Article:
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Tuesday, 28 June 2011

Mario Brothers in the Last King of Shambhala Style!!!

I was reminiscing about playing Mario Brothers on the old Nintendo, so I made a silly video and put it up on YouTube.  I don't usually put the YouTube videos I make on my blog, but this time I thought why not!  It's good for a laugh.

Wednesday, 22 June 2011

Library of Alexandria Burnt Down!

The Royal Library of Alexandria in Egypt was the largest and most significant great library of the ancient world.  It contained half the world's knowledge in many areas of study.

In 48BC Julius Caesar accidentally burnt down the library in a spat with Achillas.  Most of the knowledge was lost in that fire, perhaps putting the progress of humanity back hundreds of years.

Lesson of the day.  Back your stuff up.  I could've lost my novel's 103,000 word manuscript if I hadn't backed it up elsewhere.  Damn computers.  :-)

Monday, 20 June 2011

Can too many book editors or artistic opinions spoil the creative brew?

The idea behind this blog article can be adapted to anything, whether you're writing a story, or creating art, or creating anything artistic - but since I've just finished my first novel and everybody wants to be my editor (which I'm thankful for), I'll use a book as an example.

Say you're writing a book (if you're confused because you are not writing a book, read the above paragraph again).

You've put a generous proportion of character development. Put a sprinkle of romance in it. A dash of action. Two cups of intrigue. You've mixed it around, and have let it sit. It is now ready for you to put it in the oven and have people look over your story.

We are still talking about writing a book right? Yes, and I'm glad you bared with me with my over-the-top extended metaphor. Are we talking about a cook book? No, forget the whole cooking thing. Then why did you start talking about cooking? (Excuse me, I'm just having one of my multiple personality moments.) I'm hungry.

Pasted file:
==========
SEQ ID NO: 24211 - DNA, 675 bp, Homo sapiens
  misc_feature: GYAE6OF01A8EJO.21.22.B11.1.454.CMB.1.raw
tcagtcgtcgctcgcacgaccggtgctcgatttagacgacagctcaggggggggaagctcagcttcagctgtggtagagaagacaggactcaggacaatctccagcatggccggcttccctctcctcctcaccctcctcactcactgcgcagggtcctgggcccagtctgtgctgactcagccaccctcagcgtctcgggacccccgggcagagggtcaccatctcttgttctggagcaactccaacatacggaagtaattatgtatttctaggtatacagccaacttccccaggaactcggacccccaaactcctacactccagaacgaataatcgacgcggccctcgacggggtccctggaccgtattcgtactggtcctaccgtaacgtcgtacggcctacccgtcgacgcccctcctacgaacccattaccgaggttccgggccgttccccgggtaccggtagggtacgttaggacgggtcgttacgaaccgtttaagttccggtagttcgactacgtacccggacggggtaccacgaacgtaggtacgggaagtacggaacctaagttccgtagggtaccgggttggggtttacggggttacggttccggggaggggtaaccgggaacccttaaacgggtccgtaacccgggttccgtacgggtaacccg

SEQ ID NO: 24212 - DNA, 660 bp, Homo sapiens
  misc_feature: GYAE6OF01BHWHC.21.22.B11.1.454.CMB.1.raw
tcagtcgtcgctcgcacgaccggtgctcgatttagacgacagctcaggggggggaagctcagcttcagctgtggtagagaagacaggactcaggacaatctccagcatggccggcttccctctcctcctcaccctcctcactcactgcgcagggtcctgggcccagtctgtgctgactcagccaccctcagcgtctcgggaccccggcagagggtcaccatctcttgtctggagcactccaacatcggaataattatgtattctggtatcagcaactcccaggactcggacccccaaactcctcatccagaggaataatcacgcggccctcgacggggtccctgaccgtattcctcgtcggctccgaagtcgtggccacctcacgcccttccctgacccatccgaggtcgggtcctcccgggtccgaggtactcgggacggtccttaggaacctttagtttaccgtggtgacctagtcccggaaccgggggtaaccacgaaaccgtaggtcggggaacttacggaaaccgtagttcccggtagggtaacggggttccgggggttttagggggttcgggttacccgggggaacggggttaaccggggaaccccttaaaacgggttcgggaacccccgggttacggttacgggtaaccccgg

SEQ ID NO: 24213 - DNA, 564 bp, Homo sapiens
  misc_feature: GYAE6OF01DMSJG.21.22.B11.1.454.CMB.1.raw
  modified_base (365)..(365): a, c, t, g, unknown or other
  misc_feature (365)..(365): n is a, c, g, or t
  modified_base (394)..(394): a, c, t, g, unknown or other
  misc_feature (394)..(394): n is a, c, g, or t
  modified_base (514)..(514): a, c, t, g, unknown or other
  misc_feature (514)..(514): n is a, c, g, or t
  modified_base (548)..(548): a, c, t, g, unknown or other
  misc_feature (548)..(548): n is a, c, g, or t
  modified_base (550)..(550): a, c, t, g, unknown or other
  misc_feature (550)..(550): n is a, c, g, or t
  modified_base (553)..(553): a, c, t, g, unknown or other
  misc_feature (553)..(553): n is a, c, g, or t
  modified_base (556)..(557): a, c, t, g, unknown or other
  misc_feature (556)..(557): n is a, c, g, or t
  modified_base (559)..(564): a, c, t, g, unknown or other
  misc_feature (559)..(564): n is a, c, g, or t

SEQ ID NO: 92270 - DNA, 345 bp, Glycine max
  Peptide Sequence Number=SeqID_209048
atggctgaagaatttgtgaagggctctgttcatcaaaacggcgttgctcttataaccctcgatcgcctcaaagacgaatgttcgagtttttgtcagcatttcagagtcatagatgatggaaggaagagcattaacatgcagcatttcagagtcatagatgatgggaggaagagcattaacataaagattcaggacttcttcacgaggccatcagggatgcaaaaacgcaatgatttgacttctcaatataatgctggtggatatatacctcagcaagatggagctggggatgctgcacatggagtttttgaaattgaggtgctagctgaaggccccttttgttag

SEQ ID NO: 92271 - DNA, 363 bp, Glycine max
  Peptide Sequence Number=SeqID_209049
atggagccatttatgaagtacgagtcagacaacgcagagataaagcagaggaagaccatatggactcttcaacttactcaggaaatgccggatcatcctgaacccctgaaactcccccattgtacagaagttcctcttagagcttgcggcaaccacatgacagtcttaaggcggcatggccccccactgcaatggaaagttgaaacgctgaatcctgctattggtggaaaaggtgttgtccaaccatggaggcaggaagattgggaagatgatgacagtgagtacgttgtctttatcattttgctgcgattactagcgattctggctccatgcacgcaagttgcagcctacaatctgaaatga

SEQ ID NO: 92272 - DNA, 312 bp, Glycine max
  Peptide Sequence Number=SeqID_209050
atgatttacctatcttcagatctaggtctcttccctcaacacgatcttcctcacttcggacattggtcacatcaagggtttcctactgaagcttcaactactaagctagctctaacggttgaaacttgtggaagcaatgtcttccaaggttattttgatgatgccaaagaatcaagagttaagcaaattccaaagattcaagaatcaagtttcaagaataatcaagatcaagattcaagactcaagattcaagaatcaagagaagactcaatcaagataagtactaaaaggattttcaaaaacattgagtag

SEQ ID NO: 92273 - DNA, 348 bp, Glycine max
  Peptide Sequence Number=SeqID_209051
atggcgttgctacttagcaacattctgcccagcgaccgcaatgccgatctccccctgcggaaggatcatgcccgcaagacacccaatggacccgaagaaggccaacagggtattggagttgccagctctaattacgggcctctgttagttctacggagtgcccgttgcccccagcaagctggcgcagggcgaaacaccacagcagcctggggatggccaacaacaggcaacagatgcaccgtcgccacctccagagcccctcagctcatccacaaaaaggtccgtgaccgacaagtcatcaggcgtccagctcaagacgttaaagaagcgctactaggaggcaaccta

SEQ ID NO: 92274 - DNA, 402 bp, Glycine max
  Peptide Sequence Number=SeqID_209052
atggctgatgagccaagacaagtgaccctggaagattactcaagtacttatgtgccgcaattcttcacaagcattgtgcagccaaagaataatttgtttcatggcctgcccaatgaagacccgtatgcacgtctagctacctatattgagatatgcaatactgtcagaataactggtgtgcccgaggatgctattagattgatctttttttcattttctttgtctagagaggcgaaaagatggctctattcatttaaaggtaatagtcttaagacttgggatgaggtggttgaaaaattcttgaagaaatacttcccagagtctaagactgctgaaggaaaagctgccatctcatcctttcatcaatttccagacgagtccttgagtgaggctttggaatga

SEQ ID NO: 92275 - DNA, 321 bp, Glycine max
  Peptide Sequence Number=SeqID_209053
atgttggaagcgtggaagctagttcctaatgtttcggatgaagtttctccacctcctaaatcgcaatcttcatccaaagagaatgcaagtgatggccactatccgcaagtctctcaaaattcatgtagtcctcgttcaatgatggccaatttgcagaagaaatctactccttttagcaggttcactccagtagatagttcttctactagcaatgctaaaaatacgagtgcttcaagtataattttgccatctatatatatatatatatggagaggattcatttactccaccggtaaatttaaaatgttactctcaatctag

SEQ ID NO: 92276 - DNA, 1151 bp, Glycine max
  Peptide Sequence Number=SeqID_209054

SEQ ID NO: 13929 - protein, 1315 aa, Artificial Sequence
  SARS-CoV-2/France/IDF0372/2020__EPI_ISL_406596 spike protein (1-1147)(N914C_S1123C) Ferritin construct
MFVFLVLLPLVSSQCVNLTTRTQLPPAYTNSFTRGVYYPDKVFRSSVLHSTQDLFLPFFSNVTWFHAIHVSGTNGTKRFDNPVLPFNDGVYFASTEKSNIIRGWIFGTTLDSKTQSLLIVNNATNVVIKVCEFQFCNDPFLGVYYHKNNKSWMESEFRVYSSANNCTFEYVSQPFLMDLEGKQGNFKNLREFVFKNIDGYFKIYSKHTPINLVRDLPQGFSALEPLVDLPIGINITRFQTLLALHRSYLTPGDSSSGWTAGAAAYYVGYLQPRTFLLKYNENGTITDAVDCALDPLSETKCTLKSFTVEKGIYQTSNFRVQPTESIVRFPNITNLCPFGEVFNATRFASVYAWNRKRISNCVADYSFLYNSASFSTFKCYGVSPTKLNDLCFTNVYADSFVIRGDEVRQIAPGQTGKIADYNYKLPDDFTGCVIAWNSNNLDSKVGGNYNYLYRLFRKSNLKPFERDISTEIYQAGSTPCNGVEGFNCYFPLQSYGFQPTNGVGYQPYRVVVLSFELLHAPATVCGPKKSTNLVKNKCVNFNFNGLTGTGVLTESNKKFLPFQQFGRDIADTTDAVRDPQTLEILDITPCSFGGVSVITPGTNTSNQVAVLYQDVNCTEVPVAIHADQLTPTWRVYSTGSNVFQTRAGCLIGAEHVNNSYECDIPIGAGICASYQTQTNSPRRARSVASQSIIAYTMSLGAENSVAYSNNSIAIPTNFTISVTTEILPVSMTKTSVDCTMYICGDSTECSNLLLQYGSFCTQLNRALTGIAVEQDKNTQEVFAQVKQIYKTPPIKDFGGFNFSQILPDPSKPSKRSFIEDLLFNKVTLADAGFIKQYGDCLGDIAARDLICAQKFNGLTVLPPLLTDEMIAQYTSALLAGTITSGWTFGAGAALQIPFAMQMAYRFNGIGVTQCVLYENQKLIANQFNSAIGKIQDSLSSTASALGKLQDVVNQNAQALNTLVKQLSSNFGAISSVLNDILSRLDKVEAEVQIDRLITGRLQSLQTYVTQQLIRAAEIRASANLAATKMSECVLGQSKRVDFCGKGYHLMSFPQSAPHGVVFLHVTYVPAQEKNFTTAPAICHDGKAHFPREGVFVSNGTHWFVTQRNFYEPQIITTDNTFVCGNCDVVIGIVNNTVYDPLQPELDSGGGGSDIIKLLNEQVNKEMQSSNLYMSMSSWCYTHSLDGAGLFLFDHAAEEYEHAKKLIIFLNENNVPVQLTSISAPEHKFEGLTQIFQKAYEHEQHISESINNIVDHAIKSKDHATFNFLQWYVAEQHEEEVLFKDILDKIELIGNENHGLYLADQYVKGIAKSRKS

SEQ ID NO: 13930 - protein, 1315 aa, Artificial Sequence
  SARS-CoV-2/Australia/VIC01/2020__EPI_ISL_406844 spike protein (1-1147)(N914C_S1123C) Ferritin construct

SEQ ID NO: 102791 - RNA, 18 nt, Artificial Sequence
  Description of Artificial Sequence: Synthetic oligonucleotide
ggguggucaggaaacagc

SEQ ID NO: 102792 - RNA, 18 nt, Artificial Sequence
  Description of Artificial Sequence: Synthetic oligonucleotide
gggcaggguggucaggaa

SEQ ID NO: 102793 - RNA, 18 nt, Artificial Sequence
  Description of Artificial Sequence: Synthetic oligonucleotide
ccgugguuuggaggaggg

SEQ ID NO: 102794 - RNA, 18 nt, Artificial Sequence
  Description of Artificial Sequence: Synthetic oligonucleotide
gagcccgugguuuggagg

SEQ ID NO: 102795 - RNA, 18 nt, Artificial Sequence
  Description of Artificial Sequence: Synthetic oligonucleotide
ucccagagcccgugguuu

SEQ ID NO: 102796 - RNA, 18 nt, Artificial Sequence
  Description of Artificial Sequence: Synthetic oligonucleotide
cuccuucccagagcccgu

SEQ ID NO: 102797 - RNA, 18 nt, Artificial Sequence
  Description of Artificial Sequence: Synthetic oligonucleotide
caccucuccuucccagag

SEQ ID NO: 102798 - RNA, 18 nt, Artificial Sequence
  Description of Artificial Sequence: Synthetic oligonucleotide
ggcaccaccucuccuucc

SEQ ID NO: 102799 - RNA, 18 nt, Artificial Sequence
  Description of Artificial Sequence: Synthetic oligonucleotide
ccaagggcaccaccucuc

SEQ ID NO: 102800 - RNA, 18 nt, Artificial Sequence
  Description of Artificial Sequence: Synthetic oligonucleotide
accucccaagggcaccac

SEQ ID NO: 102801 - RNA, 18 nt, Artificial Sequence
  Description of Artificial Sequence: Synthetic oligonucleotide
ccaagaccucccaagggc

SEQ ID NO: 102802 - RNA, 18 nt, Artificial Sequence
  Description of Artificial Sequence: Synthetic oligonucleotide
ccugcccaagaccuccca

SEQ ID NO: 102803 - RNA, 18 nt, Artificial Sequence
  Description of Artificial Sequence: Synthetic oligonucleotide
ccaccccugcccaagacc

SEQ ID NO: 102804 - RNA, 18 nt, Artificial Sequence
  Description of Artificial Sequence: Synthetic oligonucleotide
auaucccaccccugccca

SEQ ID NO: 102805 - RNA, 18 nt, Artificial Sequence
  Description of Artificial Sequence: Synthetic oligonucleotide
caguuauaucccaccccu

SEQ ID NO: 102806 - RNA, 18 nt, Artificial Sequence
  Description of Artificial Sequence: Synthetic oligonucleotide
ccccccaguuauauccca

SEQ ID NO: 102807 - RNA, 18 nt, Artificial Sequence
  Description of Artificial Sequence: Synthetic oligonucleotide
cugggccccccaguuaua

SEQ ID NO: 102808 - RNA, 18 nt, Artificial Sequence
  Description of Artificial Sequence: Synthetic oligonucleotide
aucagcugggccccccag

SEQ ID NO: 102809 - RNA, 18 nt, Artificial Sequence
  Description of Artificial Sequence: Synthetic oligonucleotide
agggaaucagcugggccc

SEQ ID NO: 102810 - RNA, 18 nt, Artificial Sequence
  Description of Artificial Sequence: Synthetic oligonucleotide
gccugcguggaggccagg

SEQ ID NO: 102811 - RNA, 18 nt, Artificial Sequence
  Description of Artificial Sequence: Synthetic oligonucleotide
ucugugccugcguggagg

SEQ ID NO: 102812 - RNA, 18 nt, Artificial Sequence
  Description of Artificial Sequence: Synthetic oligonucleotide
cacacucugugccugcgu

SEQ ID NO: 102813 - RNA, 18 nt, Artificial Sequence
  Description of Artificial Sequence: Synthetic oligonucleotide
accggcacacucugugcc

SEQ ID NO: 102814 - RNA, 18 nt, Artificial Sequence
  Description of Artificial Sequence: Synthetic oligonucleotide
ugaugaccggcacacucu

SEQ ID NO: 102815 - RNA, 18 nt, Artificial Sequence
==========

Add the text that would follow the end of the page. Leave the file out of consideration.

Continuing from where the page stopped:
Where were we? I have been sidetracked... a feature of this unedited blog apparently.

Now you've got people looking over your work, critiquing and giving advice. Question on your lips is, or sign-languaging hands for those who cannot speak... can you ask too many? Survey says... The plain and simple answer is yes but no but yes but no - to quote a few television shows in one mash-up sentence.

It's great to get different perspectives and ideas (and grammar checks) from willing participants, but the caveat on that is that they are the cooks, and you are the chef. The iron chef with the iron fist.

You use your cutting knife (probably iron too) adding some suggestions and cutting others. So although they are integral to the editing process, do not change your story if it doesn't feel right to you. Or change your artistic vision. Or your art piece. Or whatever.

It is ALWAYS your work, not theirs... however this leads me to...

Two words of warning.

Well, two points of warning. I couldn't summarise each point in one word.

One, don't take offence to what they say.

Everyone has different tastes and sometimes they'll have an opinion that you don't have. That's okay. Doesn't mean your books sucks, or that is must be changed to their liking. (They'd probably tell me enough of the cooking analogy Daniel. You should really have got this blog entry edited. In which I'd answer, "I'm hungry and I don't know why.")

And then there will be people who just never like your work, or the fact you are doing that work. There are many reasons people won't like what you do, and none of them are really ever about you or your work. For example, I find people often tell me I can't do things when they really fear that it will reflect badly on them and what they have achieved in their lives.

And, as I always say (to myself in the mirror with the door closed), if you want to be something different or more than those around you, you have to think and do differently than them. So thinking differently to those around you is the first step in moving forward.

Don't get me wrong, your editors will always (most likely... probably... maybe... perhaps) be well meaning. But subconsciously they won't want you to make them look bad. Success and being different scare most ordinary folk.

And that leads me to my second point...

Two, don't fight over what they say.

It's futile for one. They probably think what they're saying is correct no matter what you say, but more importantly, you should never have to justify your reasons. Does Lady Gaga defend her cigarette glasses, or Michael Jordan ever defend why he wears Nikes, or Charlie Chaplin ever defend why he never spoke? (I hope I'm making you laugh as much as I'm making myself laugh!)

Point being, because you're a genius, or a genius in the making, you don't explain - that's for critics to ponder. Just ask me why I can think that and watch me not justify it because I'm a mother flippin' genius - and so are you - yes, you.